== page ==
While I have promised a very good friend that I will give one of the latter day entries like Diamond/Pearl or Black/White a chance to see if I may feel different with those tweaks and mild alterations, I feel comfortable saying it's not likely. On the whole, the only Pokemon game that I'm genuinely interested in is the Mystery Dungeon series because they're roguelikes, arguably the most commercially successful ones ever made, and that's a genre that I find wildly fascinating
There is also the issue (which partly led to that conversation) of not having any Nintendo hardware that can play any of those games, though I'd been weighing the pros and cons of springing for a 3DS. 
What we settled on is to try and go down the dark and twisted path of emulation, specifically the GBA because that's the era of Pokemon games I'm most likely to get into. I also intend to abide by the "code of emulation ethics" and get a physical copy of the games to have. They're easy to find and some places practically give them away (and down the line I may luck out on a Micro or SP or Player for my Gamecube). After shopping around, in addition to Mystery Dungeon Fire Red, I'll pick up a Sapphire cartridge. Why Sapphire? Well, it's a translucent blue cartridge named for my birthstone, why wouldn't I settle on that one? Makes a dandy keepsake. 

11 August 2013

Unlockable Gateway

I've been a proud Linux user for several years. I started with Ubuntu, but never quite liked how it worked, dabbled in a few others I can't recall names to, and then finally settled on Linux Mint as my favorite, namely for their Long Term Support versions. At the time of this writing, I've yet to try Peppermint, a fork of Mint, though it looks very promising. My second favorite is Jolicloud (or JoliOS, or Jolidrive... they've got a bit of an identity issue they need to work out once and for all). I'd written a review of an early version of their OS, and while I didn't exactly have the nicest things to say, they've gotten much better, and the staff I spoke to while writing my little expose were surprisingly good sports about what I said about their early efforts. Despite that bit of drama, it is actually the flavor of Linux I will always recommend to anyone curious about using Linux that's not quite ready to commit to a full install (or even a partition) of something more robust. 
The Jolicrew is a strange lot with a downright baffling mission statement. Their OS is meant to mimic a tablet's interface, specifically iOS, but is not actually meant to be run on a tablet. Instead, one of their biggest selling points was "breathing life into an old desktop" which sounds a bit silly, but when you consider the elderly or even very young children, the idea of doing away with that tired old desktop interface in favor of app tiles does sound very appealing. In addition to these fairly low system requirements, the system has, hands down, the most painless trial and/or installation process I've ever seen. I wish more Linux flavors took after these methods to make their systems more accessible to weary consumers. Normally, if you want to try out a Linux OS, you've got to go into the boot menu of your startup screen... and it's possible I've lost at least half of you already. I'm not saying you're stupid or anything like that, but you'd never have to do anything like this for a game or a browser, so why should the OS be any different. JoliOS not only can be run effectively as an application (no different than a word processor or a game) that can be un/installed with the greatest of ease, but it can even be run in a browser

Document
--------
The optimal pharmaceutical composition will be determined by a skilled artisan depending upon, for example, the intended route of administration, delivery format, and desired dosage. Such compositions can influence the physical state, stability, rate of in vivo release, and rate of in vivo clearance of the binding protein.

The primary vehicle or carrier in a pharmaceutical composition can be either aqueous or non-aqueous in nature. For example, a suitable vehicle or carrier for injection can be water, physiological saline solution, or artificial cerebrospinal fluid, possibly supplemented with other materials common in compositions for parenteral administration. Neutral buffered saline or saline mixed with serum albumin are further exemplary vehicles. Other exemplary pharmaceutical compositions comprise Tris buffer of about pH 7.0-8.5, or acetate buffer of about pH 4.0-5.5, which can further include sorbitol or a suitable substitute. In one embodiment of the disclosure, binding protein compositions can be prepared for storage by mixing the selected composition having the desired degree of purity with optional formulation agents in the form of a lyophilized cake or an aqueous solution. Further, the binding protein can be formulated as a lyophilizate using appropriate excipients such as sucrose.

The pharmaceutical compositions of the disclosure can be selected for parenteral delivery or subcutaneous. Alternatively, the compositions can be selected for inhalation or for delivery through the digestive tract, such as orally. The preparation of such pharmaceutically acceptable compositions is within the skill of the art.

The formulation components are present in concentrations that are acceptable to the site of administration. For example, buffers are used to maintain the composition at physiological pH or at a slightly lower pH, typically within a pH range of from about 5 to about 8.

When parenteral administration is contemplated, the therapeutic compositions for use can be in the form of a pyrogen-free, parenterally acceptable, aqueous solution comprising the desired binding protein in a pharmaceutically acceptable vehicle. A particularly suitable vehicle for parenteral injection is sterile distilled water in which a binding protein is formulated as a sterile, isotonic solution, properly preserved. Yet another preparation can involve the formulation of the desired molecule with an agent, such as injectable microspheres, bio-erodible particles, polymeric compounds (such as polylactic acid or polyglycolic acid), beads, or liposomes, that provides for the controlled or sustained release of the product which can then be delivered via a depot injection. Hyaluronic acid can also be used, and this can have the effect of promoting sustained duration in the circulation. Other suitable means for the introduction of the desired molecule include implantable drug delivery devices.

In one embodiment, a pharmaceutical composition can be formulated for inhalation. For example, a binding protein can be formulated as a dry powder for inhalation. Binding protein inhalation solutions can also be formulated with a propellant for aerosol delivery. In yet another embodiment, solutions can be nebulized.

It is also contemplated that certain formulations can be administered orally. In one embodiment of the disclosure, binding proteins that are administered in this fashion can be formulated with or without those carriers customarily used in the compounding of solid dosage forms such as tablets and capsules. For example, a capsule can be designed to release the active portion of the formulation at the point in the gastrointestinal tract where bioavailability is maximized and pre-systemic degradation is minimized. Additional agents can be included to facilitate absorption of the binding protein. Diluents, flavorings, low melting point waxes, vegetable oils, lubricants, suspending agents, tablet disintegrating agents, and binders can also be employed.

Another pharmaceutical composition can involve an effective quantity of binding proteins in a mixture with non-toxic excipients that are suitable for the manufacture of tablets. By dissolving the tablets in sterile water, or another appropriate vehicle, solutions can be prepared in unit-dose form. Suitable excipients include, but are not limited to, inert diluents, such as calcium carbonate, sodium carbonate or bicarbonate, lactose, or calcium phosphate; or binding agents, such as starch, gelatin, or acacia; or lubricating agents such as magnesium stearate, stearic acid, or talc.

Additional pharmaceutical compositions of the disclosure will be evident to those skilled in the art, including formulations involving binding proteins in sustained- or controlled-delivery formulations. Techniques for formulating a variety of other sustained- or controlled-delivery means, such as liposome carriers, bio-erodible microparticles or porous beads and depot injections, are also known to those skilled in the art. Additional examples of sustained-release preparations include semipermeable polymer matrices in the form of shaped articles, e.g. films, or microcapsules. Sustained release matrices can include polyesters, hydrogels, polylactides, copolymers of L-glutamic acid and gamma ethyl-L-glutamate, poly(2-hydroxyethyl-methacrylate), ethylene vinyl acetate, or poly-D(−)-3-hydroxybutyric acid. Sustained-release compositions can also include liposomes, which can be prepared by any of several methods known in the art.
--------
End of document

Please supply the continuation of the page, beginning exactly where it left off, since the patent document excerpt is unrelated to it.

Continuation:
While I've gone back to using Windows (7, in case you're wondering), and my old desktop running Mint is gathering dust, Jolicloud never left my side, so to speak. It's a kind of OS backup. Even if I'm using someone else's computer, I can log in to Jolicloud and access most of my services through there. I still check in on it every once in a while so I don't get surprised by any major changes or upheavals to the interface or the service connections. 
Today was when I checked in on it and was surprised, then baffled, by a change to the service connections, specifically Evernote. There was a "new" flag over the "add new services" bar at the side, which I clicked on. Most of the apps were ones I'd never heard of, the rest I had no real use for, and then I saw Evernote was there with a padlock icon over it. I clicked on it and got the above screenshot. In order to use the app and have it work with my Jolidrive page, I essentially had to pimp Jolicloud on one of my social networks. 

I'm really not sure what to think about this, and not simply because I already have Evernote on my JoliOS dashboard. 

05 August 2013

Apocrypha Card

This was a practice run for something else I had in mind, a tree stump covered in red moss, not unlike my favorite scene in Akira Kurosawa's Rhapsody in August (which I've only now realized is surprisingly apt). I was worried about the inks bleeding, so I didn't want to use one of my typical ATCs. These are smaller (by about a quarter of an inch) and made by the same company that made the tags I used for the Punch Card series. 
They're an absolute pain to work with. 
They're very thin, and have a very rigid quasi-canvas/linen texture that might almost yield interesting results save for the fact that it creates hideous moire patterns when scanned. A little tweaking of the brightness and contrast helped reduce the effect significantly, though it's easy to tell there were issues. If this were done the same way as one of my silhouette pieces (where I do the colors in post), I could have simply removed color and filled in the moss with a digital brush. However, this wasn't that kind of piece, though I will most certainly revisit this, not just as a card, but also another silhouette.